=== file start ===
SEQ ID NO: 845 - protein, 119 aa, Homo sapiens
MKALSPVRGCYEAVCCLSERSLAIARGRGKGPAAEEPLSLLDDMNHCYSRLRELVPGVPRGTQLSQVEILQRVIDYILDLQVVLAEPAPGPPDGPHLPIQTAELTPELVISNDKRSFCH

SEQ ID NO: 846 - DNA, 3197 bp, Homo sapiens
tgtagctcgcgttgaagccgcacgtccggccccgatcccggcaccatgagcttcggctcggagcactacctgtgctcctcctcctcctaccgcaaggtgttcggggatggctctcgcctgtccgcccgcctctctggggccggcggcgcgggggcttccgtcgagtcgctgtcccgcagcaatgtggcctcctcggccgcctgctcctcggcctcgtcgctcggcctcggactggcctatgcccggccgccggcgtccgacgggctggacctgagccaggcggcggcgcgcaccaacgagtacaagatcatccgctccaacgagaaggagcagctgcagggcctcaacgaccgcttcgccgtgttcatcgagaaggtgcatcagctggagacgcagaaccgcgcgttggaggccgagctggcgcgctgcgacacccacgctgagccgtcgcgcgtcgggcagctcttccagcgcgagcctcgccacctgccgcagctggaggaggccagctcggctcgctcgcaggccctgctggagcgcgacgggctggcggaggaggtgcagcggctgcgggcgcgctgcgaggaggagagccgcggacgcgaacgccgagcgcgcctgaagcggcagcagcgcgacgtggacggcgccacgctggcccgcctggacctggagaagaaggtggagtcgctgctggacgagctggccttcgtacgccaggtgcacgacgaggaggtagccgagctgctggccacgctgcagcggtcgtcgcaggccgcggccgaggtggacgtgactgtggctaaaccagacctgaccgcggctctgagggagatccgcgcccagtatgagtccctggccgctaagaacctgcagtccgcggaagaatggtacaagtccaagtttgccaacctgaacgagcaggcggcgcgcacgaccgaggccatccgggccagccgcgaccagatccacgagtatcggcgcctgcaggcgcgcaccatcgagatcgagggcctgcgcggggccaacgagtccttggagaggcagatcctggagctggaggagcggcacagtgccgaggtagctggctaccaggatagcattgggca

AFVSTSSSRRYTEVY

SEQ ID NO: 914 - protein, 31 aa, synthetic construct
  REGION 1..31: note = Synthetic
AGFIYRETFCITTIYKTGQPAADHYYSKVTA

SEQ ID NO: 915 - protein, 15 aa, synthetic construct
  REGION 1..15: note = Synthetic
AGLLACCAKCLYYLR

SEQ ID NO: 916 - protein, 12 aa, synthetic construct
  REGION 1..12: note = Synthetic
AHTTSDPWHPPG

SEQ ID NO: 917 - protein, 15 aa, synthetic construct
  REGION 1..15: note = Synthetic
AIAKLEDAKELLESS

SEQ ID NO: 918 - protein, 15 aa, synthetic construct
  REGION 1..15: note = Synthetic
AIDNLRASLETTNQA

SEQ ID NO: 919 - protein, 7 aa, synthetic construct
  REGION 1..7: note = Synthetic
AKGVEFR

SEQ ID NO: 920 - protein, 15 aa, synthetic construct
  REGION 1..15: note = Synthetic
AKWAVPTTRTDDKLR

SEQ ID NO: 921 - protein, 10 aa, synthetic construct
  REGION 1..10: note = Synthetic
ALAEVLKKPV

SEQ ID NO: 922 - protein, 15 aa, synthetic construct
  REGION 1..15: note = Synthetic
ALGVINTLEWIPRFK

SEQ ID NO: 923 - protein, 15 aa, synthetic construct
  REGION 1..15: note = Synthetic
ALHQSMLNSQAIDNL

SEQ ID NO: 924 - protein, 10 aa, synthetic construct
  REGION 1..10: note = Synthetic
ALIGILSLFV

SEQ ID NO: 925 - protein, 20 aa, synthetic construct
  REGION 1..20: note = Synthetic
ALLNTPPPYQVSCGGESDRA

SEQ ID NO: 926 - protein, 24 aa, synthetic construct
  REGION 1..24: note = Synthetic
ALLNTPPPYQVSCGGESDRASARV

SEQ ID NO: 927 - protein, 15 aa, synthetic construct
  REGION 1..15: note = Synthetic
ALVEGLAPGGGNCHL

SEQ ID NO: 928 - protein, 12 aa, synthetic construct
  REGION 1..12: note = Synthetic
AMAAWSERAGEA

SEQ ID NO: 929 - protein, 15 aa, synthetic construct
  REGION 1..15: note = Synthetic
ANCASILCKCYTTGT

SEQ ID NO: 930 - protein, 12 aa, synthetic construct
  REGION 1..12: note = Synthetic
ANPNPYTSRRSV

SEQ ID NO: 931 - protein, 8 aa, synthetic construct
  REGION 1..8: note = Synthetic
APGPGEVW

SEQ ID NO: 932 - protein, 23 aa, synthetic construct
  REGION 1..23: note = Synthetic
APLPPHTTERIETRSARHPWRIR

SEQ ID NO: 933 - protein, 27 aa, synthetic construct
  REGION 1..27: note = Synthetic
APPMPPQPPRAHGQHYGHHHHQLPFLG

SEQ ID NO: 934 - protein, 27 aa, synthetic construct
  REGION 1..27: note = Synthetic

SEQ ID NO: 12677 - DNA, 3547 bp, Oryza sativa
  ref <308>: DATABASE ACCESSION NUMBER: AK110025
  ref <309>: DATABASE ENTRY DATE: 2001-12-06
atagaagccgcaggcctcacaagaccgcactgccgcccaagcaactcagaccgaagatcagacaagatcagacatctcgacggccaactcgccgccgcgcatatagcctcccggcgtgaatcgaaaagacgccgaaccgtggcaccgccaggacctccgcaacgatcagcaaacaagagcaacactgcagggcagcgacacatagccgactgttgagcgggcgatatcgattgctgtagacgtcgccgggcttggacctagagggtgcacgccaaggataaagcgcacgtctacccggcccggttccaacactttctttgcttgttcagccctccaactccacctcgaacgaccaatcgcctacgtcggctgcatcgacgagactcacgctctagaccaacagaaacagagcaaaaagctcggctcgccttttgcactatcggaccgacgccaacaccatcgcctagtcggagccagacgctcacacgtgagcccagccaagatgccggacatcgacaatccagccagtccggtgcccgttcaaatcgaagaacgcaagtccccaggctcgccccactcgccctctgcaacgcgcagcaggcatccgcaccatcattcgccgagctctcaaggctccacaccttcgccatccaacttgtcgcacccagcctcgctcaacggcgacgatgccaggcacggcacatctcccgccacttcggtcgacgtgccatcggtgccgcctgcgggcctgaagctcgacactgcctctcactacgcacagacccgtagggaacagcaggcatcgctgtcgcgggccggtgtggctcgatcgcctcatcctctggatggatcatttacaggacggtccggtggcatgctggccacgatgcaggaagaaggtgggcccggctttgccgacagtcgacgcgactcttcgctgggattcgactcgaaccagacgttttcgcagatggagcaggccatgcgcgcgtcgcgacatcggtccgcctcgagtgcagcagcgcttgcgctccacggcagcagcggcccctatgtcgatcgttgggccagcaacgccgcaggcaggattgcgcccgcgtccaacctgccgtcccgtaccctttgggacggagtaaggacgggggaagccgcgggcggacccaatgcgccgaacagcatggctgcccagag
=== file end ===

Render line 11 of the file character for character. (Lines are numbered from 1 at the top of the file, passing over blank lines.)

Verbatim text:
AGLLACCAKCLYYLR